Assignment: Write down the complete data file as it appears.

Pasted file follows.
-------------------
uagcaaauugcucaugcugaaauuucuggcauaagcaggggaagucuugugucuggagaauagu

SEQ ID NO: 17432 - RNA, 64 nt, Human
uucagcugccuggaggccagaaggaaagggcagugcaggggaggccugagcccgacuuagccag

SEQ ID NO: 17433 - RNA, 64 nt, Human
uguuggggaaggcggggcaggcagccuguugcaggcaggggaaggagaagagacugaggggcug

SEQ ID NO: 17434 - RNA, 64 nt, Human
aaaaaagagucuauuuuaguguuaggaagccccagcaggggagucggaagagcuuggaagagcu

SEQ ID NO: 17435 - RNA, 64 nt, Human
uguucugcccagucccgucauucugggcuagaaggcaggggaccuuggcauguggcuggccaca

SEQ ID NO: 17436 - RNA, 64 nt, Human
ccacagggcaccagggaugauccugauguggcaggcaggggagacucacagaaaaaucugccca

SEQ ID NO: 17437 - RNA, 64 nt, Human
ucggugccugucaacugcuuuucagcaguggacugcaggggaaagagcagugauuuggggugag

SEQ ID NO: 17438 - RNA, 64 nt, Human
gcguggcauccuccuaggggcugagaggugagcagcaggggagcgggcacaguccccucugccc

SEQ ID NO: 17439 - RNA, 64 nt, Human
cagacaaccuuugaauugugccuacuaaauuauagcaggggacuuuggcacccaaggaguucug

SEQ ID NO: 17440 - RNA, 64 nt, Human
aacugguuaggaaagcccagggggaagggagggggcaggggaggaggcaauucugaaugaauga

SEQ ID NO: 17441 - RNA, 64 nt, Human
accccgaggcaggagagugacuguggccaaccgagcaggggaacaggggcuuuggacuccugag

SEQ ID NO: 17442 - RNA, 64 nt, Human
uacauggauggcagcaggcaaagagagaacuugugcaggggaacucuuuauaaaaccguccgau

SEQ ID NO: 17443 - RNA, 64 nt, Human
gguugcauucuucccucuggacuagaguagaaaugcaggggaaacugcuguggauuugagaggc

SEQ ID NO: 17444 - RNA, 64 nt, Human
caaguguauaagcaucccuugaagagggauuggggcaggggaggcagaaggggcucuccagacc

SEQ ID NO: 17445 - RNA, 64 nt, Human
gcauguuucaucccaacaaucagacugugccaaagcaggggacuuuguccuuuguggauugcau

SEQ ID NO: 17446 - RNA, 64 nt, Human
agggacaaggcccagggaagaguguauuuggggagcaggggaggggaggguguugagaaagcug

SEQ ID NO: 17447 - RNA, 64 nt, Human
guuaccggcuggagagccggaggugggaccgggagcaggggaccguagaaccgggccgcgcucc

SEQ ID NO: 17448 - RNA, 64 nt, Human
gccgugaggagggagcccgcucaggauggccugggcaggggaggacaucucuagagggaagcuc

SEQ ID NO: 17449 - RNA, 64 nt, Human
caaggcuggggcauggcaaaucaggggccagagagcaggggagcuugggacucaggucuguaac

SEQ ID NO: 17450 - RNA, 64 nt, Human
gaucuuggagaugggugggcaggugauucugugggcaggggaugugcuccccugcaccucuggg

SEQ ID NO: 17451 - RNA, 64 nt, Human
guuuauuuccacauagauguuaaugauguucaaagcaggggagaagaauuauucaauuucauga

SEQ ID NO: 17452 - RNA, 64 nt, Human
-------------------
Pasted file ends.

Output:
uagcaaauugcucaugcugaaauuucuggcauaagcaggggaagucuugugucuggagaauagu

SEQ ID NO: 17432 - RNA, 64 nt, Human
uucagcugccuggaggccagaaggaaagggcagugcaggggaggccugagcccgacuuagccag

SEQ ID NO: 17433 - RNA, 64 nt, Human
uguuggggaaggcggggcaggcagccuguugcaggcaggggaaggagaagagacugaggggcug

SEQ ID NO: 17434 - RNA, 64 nt, Human
aaaaaagagucuauuuuaguguuaggaagccccagcaggggagucggaagagcuuggaagagcu

SEQ ID NO: 17435 - RNA, 64 nt, Human
uguucugcccagucccgucauucugggcuagaaggcaggggaccuuggcauguggcuggccaca

SEQ ID NO: 17436 - RNA, 64 nt, Human
ccacagggcaccagggaugauccugauguggcaggcaggggagacucacagaaaaaucugccca

SEQ ID NO: 17437 - RNA, 64 nt, Human
ucggugccugucaacugcuuuucagcaguggacugcaggggaaagagcagugauuuggggugag

SEQ ID NO: 17438 - RNA, 64 nt, Human
gcguggcauccuccuaggggcugagaggugagcagcaggggagcgggcacaguccccucugccc

SEQ ID NO: 17439 - RNA, 64 nt, Human
cagacaaccuuugaauugugccuacuaaauuauagcaggggacuuuggcacccaaggaguucug

SEQ ID NO: 17440 - RNA, 64 nt, Human
aacugguuaggaaagcccagggggaagggagggggcaggggaggaggcaauucugaaugaauga

SEQ ID NO: 17441 - RNA, 64 nt, Human
accccgaggcaggagagugacuguggccaaccgagcaggggaacaggggcuuuggacuccugag

SEQ ID NO: 17442 - RNA, 64 nt, Human
uacauggauggcagcaggcaaagagagaacuugugcaggggaacucuuuauaaaaccguccgau

SEQ ID NO: 17443 - RNA, 64 nt, Human
gguugcauucuucccucuggacuagaguagaaaugcaggggaaacugcuguggauuugagaggc

SEQ ID NO: 17444 - RNA, 64 nt, Human
caaguguauaagcaucccuugaagagggauuggggcaggggaggcagaaggggcucuccagacc

SEQ ID NO: 17445 - RNA, 64 nt, Human
gcauguuucaucccaacaaucagacugugccaaagcaggggacuuuguccuuuguggauugcau

SEQ ID NO: 17446 - RNA, 64 nt, Human
agggacaaggcccagggaagaguguauuuggggagcaggggaggggaggguguugagaaagcug

SEQ ID NO: 17447 - RNA, 64 nt, Human
guuaccggcuggagagccggaggugggaccgggagcaggggaccguagaaccgggccgcgcucc

SEQ ID NO: 17448 - RNA, 64 nt, Human
gccgugaggagggagcccgcucaggauggccugggcaggggaggacaucucuagagggaagcuc

SEQ ID NO: 17449 - RNA, 64 nt, Human
caaggcuggggcauggcaaaucaggggccagagagcaggggagcuugggacucaggucuguaac

SEQ ID NO: 17450 - RNA, 64 nt, Human
gaucuuggagaugggugggcaggugauucugugggcaggggaugugcuccccugcaccucuggg

SEQ ID NO: 17451 - RNA, 64 nt, Human
guuuauuuccacauagauguuaaugauguucaaagcaggggagaagaauuauucaauuucauga

SEQ ID NO: 17452 - RNA, 64 nt, Human